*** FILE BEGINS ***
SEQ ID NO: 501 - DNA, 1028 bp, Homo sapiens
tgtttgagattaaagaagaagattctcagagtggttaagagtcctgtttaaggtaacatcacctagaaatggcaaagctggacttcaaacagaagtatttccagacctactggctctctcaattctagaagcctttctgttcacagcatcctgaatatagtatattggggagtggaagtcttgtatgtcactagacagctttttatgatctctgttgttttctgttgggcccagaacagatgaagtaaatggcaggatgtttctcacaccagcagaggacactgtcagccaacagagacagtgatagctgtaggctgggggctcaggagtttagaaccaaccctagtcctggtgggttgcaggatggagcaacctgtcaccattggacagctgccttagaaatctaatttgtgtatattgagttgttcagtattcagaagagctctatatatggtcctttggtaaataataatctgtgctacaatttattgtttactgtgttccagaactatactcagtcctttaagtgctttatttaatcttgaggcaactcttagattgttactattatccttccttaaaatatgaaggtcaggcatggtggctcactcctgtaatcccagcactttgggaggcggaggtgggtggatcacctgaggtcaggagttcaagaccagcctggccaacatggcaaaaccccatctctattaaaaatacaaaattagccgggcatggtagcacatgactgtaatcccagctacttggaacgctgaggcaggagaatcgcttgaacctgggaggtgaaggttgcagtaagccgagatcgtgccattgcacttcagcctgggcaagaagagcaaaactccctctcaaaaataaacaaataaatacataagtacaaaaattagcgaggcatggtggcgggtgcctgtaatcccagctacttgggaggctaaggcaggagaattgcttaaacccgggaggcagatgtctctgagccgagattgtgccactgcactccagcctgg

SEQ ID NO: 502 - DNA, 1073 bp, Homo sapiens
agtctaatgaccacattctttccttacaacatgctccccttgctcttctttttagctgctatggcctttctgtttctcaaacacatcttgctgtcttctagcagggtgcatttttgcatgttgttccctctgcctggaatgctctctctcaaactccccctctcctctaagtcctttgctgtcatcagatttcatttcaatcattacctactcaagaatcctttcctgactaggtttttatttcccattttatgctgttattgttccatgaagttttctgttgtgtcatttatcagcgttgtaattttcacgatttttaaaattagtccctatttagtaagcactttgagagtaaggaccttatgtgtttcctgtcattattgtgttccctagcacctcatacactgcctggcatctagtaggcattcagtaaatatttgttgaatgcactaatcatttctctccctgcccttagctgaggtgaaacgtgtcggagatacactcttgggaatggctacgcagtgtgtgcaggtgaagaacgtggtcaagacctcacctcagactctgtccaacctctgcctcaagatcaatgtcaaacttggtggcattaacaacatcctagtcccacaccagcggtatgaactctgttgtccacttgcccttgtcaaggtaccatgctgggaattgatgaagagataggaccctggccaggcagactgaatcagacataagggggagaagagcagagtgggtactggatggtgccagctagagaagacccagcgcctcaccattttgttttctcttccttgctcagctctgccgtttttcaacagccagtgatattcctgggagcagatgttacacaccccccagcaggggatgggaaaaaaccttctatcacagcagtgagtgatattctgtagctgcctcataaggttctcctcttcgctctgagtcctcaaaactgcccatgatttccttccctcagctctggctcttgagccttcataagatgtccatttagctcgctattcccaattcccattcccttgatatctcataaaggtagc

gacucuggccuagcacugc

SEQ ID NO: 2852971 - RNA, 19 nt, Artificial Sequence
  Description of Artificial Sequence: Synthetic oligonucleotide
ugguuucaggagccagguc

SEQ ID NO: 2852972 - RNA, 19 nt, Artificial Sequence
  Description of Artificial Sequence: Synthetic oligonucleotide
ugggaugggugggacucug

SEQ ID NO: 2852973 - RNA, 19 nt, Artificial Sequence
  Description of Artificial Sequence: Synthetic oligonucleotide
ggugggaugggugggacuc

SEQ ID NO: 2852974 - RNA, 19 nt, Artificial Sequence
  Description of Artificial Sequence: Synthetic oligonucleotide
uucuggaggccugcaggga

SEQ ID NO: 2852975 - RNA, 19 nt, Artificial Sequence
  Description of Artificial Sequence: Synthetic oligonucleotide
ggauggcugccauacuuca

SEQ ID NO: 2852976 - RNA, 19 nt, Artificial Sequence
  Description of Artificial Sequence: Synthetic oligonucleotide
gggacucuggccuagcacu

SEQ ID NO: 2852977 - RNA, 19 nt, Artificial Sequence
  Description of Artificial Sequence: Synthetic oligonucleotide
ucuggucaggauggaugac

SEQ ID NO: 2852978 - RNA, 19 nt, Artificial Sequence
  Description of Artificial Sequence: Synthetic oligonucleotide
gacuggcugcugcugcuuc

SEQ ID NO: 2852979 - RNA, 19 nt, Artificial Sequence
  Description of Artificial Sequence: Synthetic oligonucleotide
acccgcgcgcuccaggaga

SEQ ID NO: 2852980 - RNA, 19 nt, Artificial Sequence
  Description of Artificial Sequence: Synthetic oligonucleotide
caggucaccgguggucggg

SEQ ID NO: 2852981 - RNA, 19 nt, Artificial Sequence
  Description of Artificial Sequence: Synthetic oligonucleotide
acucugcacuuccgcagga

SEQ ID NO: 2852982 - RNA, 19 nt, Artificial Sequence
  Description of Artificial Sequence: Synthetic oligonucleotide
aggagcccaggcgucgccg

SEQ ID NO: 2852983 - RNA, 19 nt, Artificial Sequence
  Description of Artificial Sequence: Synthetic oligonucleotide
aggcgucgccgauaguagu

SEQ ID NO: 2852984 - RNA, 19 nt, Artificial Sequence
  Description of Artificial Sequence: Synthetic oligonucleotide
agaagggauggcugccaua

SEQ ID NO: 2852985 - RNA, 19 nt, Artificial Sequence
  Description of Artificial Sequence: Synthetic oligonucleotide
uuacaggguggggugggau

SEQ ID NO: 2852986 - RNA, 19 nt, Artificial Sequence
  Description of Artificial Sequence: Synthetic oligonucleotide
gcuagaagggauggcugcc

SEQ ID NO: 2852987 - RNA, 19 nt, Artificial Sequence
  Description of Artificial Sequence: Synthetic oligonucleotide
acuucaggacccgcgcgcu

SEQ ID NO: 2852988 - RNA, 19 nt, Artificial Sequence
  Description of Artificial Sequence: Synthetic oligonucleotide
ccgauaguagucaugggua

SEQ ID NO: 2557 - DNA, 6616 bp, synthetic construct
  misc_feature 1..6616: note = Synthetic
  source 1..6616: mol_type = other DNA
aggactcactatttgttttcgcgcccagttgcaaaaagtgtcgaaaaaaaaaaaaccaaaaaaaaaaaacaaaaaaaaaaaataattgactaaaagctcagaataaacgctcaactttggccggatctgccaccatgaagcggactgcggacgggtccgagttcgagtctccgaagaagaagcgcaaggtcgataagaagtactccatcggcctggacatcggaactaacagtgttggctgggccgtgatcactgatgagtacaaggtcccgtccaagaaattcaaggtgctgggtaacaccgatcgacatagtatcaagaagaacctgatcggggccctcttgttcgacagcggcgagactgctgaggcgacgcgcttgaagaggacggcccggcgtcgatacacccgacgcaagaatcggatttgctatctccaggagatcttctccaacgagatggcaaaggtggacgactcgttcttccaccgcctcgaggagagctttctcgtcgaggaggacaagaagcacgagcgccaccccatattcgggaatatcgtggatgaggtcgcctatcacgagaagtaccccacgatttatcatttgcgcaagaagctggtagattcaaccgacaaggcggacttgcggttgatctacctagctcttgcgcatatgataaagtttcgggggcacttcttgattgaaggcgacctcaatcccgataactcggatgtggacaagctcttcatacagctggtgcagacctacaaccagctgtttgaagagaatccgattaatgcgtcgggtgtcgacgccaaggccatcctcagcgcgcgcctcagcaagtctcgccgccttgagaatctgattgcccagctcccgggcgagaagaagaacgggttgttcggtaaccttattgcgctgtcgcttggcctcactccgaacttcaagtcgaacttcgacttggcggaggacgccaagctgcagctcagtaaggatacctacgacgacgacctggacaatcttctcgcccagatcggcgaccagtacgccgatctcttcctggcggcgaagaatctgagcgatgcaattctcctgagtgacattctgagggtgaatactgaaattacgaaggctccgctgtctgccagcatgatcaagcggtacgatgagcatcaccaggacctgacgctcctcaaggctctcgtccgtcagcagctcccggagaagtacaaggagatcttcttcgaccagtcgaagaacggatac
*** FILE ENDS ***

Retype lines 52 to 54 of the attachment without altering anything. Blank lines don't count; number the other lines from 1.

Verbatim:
  Description of Artificial Sequence: Synthetic oligonucleotide
gcuagaagggauggcugcc

SEQ ID NO: 2852987 - RNA, 19 nt, Artificial Sequence